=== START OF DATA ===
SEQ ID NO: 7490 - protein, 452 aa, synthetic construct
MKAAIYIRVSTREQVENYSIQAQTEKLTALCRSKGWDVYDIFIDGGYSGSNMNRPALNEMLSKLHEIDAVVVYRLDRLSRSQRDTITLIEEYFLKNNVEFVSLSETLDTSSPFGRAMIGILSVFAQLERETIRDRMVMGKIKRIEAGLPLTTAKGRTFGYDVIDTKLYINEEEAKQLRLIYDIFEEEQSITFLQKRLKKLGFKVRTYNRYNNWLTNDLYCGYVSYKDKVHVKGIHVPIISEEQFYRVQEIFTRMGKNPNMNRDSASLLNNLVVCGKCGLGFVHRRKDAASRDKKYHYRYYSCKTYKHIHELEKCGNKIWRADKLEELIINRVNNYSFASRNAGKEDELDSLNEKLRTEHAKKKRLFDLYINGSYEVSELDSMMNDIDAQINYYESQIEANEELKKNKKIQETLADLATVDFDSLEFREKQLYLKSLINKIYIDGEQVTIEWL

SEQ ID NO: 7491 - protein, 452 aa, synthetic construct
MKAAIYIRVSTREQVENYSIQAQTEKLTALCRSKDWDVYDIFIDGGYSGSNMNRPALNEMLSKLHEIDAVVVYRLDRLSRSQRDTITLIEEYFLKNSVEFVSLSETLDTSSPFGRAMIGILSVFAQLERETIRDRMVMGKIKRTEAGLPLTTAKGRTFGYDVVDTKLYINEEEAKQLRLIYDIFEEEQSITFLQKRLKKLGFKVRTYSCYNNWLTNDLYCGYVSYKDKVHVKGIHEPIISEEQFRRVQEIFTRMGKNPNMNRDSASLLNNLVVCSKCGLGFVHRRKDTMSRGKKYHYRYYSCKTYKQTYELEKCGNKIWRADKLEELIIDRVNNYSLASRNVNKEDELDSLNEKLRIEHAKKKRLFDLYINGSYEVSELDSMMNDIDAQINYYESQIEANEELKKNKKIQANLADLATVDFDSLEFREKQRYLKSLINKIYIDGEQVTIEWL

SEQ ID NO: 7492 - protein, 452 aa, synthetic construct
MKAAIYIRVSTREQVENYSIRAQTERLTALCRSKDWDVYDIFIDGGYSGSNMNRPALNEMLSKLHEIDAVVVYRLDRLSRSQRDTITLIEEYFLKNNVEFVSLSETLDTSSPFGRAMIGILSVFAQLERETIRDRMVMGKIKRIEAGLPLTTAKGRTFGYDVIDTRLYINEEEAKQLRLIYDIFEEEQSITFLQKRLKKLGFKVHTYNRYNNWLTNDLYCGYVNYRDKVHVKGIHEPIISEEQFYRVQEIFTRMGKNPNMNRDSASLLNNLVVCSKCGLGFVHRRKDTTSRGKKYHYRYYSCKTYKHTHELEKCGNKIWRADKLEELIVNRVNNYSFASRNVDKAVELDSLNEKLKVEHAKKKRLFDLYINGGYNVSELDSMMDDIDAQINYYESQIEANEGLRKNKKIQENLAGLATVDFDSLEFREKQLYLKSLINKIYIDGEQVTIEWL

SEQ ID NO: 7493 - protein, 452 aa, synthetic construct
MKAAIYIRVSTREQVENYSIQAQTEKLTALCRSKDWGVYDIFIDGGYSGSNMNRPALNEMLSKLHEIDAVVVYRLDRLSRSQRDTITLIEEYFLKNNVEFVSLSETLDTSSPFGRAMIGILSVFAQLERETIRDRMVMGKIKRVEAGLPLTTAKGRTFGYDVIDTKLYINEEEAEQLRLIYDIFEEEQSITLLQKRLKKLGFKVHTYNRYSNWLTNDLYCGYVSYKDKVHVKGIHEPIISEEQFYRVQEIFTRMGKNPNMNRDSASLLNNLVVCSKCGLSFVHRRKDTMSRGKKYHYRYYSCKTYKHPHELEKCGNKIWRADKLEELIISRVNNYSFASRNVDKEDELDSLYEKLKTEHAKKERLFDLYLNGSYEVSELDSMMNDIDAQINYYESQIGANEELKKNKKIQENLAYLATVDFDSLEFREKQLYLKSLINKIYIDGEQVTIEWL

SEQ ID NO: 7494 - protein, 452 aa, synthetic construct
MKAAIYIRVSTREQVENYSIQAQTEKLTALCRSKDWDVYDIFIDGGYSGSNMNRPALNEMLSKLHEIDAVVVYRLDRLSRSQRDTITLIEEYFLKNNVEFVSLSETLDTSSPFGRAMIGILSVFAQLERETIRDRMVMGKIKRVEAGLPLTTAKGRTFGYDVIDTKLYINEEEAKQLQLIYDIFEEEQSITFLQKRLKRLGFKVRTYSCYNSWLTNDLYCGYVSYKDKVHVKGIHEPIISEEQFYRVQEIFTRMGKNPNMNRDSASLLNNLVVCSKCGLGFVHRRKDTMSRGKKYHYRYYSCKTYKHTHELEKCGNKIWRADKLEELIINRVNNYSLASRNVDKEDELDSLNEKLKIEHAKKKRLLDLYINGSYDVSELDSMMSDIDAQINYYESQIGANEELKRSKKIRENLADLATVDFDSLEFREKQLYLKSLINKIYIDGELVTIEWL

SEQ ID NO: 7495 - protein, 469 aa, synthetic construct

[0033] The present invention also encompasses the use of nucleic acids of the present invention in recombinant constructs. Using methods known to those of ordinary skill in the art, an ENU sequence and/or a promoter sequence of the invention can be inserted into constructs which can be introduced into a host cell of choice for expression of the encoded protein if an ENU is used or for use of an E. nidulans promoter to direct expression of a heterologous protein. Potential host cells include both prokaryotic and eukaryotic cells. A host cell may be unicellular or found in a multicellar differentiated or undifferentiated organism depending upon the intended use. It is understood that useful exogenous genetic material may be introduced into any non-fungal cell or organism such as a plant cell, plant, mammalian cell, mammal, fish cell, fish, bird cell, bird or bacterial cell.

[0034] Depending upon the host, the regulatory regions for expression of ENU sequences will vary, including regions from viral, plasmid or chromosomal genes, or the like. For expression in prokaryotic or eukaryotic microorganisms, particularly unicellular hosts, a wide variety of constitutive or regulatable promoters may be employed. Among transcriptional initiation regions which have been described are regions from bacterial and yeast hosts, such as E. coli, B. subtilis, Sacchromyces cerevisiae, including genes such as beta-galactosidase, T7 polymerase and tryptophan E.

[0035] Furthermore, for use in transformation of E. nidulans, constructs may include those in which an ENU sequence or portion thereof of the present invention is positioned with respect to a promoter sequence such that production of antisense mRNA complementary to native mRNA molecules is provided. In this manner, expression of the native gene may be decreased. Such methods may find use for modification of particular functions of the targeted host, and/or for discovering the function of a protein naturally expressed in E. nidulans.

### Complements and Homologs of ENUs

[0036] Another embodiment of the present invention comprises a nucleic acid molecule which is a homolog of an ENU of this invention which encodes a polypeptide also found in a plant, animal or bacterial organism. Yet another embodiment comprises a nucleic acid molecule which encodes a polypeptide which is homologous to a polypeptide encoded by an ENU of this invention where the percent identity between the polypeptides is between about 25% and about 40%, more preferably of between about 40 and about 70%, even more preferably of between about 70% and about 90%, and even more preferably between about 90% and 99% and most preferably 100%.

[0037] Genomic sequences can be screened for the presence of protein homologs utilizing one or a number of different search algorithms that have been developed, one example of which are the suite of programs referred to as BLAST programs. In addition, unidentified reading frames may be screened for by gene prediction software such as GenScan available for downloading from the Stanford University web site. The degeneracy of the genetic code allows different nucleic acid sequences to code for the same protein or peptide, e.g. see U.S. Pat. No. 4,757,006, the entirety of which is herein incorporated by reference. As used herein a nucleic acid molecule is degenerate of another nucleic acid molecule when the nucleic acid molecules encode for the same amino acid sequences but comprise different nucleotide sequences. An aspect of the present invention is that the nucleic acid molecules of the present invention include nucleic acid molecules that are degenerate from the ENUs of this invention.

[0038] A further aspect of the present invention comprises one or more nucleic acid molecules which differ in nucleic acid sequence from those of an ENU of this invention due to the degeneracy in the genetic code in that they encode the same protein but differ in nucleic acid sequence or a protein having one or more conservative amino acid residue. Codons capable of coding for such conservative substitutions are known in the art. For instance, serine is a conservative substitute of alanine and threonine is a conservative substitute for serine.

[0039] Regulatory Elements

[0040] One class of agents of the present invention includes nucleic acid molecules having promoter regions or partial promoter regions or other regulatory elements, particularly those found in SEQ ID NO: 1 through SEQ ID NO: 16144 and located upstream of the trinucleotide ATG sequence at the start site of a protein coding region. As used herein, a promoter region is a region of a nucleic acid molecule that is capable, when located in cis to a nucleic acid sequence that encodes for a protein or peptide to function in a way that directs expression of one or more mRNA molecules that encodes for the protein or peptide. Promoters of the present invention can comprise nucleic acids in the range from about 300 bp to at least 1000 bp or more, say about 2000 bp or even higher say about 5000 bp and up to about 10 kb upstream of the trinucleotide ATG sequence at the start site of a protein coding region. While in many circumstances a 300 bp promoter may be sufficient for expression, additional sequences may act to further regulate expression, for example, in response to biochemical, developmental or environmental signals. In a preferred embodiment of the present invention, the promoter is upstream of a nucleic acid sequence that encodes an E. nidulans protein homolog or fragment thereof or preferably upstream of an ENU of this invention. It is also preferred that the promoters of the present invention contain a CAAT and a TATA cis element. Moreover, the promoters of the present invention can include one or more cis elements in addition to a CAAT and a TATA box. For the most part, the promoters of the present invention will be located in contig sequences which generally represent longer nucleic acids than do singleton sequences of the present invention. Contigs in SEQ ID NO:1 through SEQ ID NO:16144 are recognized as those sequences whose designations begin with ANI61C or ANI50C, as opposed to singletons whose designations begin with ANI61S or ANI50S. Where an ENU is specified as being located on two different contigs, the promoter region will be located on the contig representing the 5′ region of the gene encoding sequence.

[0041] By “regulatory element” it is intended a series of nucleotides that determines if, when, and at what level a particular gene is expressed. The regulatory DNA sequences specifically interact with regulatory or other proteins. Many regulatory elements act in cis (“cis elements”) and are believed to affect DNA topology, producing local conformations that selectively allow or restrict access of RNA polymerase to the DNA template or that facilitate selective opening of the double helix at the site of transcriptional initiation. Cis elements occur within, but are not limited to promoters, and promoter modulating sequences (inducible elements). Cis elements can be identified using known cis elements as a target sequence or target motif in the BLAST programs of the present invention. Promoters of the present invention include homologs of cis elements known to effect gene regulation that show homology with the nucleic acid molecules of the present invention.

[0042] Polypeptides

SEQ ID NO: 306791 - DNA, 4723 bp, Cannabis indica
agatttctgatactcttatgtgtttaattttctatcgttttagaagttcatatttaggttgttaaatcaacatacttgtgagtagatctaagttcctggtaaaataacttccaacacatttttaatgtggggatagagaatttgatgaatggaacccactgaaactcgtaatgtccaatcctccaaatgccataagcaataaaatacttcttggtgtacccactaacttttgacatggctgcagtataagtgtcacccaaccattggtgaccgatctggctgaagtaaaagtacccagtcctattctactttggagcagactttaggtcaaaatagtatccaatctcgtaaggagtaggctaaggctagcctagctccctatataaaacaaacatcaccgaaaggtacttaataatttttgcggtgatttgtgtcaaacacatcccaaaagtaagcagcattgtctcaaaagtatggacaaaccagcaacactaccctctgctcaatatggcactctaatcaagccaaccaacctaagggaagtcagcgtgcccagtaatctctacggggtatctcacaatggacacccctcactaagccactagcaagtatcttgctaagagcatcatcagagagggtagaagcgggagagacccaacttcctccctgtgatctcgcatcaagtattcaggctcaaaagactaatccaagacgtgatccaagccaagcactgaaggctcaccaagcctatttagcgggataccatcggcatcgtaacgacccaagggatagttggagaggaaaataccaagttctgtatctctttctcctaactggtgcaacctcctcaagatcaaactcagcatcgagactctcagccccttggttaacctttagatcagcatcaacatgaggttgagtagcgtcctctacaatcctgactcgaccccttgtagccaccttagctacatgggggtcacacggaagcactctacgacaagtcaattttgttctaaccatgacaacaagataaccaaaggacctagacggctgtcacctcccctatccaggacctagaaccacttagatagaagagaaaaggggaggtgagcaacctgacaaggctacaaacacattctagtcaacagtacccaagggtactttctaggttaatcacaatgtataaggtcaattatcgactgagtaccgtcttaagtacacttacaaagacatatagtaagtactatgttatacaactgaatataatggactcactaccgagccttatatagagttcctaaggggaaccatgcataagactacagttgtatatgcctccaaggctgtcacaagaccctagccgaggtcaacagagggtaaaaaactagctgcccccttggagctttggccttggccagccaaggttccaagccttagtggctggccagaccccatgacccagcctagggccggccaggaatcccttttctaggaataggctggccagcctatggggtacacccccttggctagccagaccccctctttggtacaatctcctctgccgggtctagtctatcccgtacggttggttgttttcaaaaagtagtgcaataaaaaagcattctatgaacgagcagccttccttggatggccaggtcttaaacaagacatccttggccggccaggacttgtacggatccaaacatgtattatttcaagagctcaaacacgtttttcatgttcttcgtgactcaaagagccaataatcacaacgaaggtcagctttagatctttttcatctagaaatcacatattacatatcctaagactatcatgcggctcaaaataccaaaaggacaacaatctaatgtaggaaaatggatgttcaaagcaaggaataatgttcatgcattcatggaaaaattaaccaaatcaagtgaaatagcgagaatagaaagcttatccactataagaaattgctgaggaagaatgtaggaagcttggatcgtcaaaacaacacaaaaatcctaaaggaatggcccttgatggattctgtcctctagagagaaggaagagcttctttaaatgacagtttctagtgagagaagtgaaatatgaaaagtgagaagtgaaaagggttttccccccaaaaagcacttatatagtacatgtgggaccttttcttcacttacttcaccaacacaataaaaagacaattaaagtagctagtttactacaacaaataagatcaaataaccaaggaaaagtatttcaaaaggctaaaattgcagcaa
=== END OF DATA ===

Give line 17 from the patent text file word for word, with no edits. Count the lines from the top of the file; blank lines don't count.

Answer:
[0037] Genomic sequences can be screened for the presence of protein homologs utilizing one or a number of different search algorithms that have been developed, one example of which are the suite of programs referred to as BLAST programs. In addition, unidentified reading frames may be screened for by gene prediction software such as GenScan available for downloading from the Stanford University web site. The degeneracy of the genetic code allows different nucleic acid sequences to code for the same protein or peptide, e.g. see U.S. Pat. No. 4,757,006, the entirety of which is herein incorporated by reference. As used herein a nucleic acid molecule is degenerate of another nucleic acid molecule when the nucleic acid molecules encode for the same amino acid sequences but comprise different nucleotide sequences. An aspect of the present invention is that the nucleic acid molecules of the present invention include nucleic acid molecules that are degenerate from the ENUs of this invention.